I guess Elizabeth has been getting a lot more attention on this blog than Luke, probably because her basic wiring is so different from mine that nearly everything she does and says is a source of fascination and/or amazement to me.
Luke isn’t hard for me to fathom, most of the time. He got my genetics, my wiring; for the most part he sees the world the way I see it. I instinctively understand most of his emotions and frustrations. He feels things Very Strongly, and part of me hopes he learns to govern his passions earlier in life than I did, while another part of me hopes that they never get worn down and dulled to the extent that mine eventually were.
But enough about all that maudlin stuff. Today I want to show off one of Luke’s truly awesome talents, one I hope he’ll continue to develop as he grows into adulthood.
It started when he was just an infant, and could not get enough of classical music. People told me that listening to it would help develop his spatial acuity or somesuch; all I knew was that the “Smart Symphonies” CD the hospital gave me when he was born was something he never got tired of listening to.
He was something like six or eight months old the time Elizabeth and I were putting together a 100-piece jigsaw puzzle and he was sitting on my lap, watching. Suddenly he reached over, picked up one of the little cardboard pieces, and snapped it confidently into place in one try. Then he just went back to watching.
When he was a toddler, he developed a hobby that I would have been much more supportive of if it hadn’t wreaked total havoc on our house. He would go through all the rooms, selecting apparently random household objects and putting them in a big pile on the living-room floor. When he’d found all the objects he needed, he would then assemble them into a tugboat, or a locomotive, or an airplane, or whatever he’d wanted to build that day.
This gift of his has gone through several incarnations over the years, and I’m sorry to say I probably haven’t given it the amount of attention and encouragement it deserves. This sort of creativity tends to be incredibly messy, and now that I’m an old grup I seem to notice the mess more than the results. And that is sad.
Today Luke asked me if he could get a steam shovel for his birthday, like the one in “Mike Mulligan And His Steam Shovel.” I told him that I didn’t think they made that particular model of toy anymore, because in real life steam shovels have been replaced by diesel-powered excavators.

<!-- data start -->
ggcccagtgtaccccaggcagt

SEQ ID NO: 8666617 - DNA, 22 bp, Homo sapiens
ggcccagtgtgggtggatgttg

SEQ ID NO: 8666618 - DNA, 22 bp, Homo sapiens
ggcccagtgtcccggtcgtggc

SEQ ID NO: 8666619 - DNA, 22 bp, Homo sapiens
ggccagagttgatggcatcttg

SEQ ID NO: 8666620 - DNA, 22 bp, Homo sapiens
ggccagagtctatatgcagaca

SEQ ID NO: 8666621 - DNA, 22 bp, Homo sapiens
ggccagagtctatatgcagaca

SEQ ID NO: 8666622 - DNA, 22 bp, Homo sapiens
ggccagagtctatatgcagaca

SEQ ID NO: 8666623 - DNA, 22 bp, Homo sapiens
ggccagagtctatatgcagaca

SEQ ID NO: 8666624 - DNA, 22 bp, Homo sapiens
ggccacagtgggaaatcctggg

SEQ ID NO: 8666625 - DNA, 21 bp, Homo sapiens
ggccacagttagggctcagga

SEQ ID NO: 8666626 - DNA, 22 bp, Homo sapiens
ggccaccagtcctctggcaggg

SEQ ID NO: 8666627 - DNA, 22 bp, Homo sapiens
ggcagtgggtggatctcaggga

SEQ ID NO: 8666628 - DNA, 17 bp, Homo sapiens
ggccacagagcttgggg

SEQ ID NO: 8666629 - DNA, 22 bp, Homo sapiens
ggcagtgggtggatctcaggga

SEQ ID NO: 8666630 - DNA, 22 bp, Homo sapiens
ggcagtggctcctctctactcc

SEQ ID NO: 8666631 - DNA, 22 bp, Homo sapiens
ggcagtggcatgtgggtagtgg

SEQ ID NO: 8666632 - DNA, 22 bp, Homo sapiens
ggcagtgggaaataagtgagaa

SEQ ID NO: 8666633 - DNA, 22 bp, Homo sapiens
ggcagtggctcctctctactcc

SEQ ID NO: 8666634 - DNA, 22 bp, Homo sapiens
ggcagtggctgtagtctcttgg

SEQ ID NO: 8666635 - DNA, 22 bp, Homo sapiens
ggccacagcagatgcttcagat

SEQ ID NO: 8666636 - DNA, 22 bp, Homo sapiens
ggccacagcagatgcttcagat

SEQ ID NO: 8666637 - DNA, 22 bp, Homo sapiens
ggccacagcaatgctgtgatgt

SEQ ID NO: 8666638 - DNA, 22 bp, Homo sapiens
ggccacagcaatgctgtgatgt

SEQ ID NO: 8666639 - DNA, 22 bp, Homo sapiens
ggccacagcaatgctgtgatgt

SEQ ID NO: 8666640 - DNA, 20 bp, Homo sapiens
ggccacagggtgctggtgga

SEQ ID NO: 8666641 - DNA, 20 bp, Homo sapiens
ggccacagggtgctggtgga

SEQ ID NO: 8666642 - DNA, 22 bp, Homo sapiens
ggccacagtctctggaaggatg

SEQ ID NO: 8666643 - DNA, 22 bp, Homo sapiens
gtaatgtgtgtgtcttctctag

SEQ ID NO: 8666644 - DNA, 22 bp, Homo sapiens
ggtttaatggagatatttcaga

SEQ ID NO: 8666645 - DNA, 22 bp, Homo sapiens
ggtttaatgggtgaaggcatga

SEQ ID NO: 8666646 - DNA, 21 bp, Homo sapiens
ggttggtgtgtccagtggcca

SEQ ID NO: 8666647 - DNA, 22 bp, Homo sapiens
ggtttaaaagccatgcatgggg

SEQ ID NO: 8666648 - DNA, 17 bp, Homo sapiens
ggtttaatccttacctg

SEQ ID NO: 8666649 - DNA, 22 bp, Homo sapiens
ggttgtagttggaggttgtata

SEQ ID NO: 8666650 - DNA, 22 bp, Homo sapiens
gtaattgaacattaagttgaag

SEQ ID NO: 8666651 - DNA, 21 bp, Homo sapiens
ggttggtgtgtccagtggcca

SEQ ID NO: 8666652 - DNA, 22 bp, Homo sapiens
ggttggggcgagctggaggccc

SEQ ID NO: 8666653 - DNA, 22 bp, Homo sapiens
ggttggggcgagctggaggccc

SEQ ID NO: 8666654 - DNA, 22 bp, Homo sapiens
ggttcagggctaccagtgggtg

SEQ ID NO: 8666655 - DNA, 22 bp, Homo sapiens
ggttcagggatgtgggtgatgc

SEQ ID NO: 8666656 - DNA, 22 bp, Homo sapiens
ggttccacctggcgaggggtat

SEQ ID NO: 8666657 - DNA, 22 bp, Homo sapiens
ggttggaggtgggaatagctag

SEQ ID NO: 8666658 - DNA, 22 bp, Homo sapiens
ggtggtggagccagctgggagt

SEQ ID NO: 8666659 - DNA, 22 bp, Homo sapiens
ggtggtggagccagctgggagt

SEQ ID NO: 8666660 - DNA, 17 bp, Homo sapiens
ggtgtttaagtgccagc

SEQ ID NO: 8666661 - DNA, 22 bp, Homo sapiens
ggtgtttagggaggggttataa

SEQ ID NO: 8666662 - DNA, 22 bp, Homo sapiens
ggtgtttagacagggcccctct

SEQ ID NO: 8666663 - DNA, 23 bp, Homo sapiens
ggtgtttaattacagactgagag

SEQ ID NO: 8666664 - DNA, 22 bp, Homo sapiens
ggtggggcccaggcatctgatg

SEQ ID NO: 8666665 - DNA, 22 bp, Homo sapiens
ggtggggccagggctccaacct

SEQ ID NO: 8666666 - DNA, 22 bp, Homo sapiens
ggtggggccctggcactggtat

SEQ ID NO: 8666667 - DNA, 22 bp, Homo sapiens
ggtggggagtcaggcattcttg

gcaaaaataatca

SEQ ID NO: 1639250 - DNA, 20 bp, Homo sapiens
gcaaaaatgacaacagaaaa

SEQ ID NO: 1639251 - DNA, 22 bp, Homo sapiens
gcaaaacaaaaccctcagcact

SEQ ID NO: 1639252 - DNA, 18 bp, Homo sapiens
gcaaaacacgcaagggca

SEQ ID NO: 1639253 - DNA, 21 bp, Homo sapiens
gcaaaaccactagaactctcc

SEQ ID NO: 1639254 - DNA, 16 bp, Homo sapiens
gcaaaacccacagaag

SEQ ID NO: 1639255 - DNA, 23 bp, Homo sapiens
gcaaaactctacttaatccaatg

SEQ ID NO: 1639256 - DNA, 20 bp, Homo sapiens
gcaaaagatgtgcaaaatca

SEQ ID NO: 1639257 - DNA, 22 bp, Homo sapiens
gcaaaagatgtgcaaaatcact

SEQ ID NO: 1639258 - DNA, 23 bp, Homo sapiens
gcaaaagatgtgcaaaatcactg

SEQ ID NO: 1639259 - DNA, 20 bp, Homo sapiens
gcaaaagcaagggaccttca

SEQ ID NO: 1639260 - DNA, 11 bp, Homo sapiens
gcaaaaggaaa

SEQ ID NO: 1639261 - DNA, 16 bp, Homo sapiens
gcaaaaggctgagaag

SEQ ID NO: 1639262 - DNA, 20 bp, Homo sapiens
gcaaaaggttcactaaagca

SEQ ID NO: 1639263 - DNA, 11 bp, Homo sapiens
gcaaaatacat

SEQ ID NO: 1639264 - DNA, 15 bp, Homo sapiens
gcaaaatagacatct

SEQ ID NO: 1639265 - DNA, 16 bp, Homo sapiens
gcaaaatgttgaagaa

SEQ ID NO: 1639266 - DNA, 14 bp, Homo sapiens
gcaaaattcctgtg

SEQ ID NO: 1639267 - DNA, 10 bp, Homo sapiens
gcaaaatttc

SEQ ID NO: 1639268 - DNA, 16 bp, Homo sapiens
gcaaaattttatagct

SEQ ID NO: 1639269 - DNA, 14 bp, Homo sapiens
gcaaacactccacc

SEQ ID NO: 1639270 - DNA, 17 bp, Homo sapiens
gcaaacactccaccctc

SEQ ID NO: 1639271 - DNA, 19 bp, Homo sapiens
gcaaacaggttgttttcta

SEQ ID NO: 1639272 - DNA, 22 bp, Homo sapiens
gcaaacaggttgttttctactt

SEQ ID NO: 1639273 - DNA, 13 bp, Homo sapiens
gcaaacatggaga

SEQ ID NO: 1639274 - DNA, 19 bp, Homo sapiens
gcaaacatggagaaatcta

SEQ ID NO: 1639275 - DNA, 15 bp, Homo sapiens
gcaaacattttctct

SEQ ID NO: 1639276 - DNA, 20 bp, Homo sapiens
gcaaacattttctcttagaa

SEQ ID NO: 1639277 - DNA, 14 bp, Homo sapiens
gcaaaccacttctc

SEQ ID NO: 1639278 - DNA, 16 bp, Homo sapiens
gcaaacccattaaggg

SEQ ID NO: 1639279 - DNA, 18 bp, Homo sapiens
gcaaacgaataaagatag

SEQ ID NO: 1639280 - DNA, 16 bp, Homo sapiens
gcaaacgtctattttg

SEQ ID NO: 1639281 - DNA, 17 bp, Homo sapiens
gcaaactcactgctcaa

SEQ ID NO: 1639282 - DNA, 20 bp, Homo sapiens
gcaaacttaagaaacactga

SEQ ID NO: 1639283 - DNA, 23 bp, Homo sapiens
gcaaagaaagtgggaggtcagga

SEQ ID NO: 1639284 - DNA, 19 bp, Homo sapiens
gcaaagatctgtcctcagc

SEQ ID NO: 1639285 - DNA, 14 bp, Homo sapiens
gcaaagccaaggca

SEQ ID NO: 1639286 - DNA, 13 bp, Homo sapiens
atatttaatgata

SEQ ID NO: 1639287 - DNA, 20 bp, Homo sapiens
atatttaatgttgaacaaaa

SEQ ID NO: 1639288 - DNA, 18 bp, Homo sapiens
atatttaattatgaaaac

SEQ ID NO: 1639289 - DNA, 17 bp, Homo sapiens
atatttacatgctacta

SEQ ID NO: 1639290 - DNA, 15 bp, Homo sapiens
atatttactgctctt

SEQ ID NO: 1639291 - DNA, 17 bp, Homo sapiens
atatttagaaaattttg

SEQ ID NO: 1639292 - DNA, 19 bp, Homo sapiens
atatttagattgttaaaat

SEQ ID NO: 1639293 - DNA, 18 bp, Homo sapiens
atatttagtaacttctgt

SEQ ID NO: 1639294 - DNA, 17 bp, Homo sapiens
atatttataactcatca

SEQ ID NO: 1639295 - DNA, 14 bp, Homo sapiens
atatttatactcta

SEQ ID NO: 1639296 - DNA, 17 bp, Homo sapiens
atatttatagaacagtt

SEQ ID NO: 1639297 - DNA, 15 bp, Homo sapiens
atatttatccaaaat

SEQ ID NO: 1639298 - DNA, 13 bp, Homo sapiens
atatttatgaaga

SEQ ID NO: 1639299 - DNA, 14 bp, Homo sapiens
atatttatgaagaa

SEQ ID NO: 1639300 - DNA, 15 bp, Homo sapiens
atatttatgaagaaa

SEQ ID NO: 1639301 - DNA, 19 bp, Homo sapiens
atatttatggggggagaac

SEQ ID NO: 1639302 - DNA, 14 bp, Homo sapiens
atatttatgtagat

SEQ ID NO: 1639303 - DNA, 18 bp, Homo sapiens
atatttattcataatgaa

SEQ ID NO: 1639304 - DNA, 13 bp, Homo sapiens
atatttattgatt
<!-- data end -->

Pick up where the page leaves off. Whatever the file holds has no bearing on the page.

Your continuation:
He frowned irritably at that news, then shrugged and said that was okay, he’d just make his own then.
I am ashamed to say that when I saw him hard at work on the living-room floor amid piles of construction paper and scotch tape, I grumbled that he’d better clean up the mess when he was done. Honestly, what is wrong with me?
A little while later he called out that he was taking his steam shovel outside to play in the sand. I asked him if I could see it first, and he handed me this little marvel of paper engineering:
The Chicago bolt in the main body is a pulley that raises and lowers the bucket by winding and unwinding the cord. The brad on the front arm serves as a hinge, to create realistic digging action. This is a fully-functional toy.
Luke’s long-term goal in life is to help save the planet by inventing a completely non-polluting car engine that runs on water or air or some other clean fuel. I would be the last person in the world to discourage him in this ambition, because I honestly believe that if he’s allowed to develop his gifts to the fullest there will be very little he can’t accomplish. I wish I could afford to give him all the resources he deserves, instead of making him make do with construction paper and scotch tape.
This is a boy who has something to offer the world. He never doubts his purpose in life, or his ability to achieve whatever he sets his mind to. He gets Very Frustrated when reality doesn’t accommodate his plans, but he never doubts the value of the plans themselves. He firmly believes that some realities need to be reshaped and reinvented. And so do I.
The fact that he cleaned up every last scrap of his steam-shovel-creation mess from the living-room floor without being reminded? Icing on the cake.